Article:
Recent NYT article (“A schizophrenic, a slain worker, troubling questions”) underscores the need for systems of care: “If we don’t get funding, we’re either on the street, in prison, dead or rather be dead.”
Comment (links added) by Mark Zanger, Boston, MA (June 18, 2011):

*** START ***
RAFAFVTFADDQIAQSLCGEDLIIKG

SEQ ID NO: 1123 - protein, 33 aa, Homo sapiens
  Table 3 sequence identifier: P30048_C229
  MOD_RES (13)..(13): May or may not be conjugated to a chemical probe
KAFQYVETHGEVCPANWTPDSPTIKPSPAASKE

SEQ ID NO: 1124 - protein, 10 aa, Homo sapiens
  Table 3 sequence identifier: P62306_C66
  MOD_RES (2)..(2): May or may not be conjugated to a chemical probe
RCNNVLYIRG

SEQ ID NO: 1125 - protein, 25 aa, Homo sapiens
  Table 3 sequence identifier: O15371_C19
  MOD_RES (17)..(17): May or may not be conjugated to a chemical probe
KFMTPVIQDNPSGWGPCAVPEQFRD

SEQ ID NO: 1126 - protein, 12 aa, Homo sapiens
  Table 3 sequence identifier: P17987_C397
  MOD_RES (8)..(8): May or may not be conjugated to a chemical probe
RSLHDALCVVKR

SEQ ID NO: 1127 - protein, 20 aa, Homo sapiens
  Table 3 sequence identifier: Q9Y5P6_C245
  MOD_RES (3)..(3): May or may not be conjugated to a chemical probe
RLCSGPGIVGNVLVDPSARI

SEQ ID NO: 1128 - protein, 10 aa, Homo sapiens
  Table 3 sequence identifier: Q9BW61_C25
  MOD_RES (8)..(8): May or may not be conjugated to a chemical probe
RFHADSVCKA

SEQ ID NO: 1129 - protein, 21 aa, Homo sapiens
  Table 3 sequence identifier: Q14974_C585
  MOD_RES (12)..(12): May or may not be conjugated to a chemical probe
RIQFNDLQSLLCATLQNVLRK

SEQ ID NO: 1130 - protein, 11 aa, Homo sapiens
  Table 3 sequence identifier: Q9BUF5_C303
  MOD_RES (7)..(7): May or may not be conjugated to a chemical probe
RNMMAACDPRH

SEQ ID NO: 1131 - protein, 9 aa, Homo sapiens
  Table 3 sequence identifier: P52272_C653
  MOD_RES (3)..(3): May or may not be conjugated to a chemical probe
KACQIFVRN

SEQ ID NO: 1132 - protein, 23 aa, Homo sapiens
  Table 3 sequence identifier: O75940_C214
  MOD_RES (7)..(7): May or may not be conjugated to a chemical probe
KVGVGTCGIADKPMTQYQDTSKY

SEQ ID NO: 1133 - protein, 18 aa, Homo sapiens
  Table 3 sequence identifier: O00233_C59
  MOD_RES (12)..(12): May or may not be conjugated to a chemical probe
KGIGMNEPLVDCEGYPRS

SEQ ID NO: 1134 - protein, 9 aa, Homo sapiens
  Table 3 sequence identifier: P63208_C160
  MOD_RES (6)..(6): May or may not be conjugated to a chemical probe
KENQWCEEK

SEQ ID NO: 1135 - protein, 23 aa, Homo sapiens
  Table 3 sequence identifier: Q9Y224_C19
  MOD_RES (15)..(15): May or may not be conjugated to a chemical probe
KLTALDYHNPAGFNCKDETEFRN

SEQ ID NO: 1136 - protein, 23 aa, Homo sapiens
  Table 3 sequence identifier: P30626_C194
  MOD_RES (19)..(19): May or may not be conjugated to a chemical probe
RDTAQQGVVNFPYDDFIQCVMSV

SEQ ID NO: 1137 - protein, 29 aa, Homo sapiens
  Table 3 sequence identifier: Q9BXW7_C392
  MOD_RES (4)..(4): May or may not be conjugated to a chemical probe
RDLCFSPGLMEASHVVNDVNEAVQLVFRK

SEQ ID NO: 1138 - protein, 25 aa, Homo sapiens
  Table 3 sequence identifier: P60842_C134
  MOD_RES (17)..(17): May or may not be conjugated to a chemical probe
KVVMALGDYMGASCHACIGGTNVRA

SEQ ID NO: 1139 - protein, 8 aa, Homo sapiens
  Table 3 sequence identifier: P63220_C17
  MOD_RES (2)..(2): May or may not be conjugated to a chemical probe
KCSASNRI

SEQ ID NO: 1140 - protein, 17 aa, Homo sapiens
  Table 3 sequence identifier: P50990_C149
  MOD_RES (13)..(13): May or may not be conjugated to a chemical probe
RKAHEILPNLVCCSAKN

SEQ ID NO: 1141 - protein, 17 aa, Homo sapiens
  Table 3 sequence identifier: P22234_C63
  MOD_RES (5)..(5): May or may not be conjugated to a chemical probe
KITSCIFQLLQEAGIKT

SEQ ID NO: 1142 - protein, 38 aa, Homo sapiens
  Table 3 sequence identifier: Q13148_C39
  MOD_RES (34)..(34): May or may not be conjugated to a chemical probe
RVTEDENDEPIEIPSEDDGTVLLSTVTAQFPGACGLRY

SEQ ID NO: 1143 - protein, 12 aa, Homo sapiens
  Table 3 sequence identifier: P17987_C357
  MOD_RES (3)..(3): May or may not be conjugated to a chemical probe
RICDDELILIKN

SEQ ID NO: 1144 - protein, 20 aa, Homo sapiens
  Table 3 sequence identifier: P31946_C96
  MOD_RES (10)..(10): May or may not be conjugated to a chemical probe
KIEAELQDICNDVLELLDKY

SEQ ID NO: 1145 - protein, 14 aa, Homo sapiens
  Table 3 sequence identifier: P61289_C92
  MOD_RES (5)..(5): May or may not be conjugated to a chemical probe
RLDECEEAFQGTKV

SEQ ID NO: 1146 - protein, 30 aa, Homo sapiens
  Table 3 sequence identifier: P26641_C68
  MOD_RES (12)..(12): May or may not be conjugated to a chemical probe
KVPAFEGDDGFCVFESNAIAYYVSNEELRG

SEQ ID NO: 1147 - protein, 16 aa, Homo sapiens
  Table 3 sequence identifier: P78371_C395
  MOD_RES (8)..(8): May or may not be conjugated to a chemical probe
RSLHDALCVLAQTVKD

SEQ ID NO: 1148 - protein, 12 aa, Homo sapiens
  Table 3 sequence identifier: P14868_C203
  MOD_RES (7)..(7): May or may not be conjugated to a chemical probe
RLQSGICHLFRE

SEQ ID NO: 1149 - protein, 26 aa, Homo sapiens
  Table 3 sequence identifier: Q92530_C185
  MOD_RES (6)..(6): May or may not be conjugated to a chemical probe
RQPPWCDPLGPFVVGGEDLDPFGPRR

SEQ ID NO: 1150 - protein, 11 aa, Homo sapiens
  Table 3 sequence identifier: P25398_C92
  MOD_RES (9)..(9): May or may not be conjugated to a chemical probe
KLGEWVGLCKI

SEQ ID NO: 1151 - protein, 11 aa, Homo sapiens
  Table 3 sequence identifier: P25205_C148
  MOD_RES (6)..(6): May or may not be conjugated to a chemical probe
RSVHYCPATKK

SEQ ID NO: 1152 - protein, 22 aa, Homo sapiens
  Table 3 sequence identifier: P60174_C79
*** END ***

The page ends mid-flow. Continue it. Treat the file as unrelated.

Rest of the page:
A brilliant article with an unfortunate headline. We try to describe people with illness as “person with” rather have them a walking label: a schizophrenic, a cancerous, a diabetic, an autistic. Rather we can say, a person with schizophrenia, or a man with cancer, or a woman with diabetes, or a child with an autism disorder. This reminds us that people with issues, even alleged murderers, are people first and dealing with illness from a position of person-hood. An issue that might have been explored in the article is the right to refuse treatment versus measures of civil commitment used on persons with paranoid schizophrenia and a history of violence, such as “Kendra’s Law” in New York. Massachusetts does not have a measure of this kind, and is unlikely to pass one even in the wake of this horrible and not entirely isolated incident. The New Yorker has just run a very moving article on the price of “right to refuse” for one woman with schizophrenia; the New York Review of Books is in the middle of a two-part review of three books questioning the validity of existing medical treatment for mental illness. Let’s not leave civil commitment to the Post or the Wall Street Journal, eh?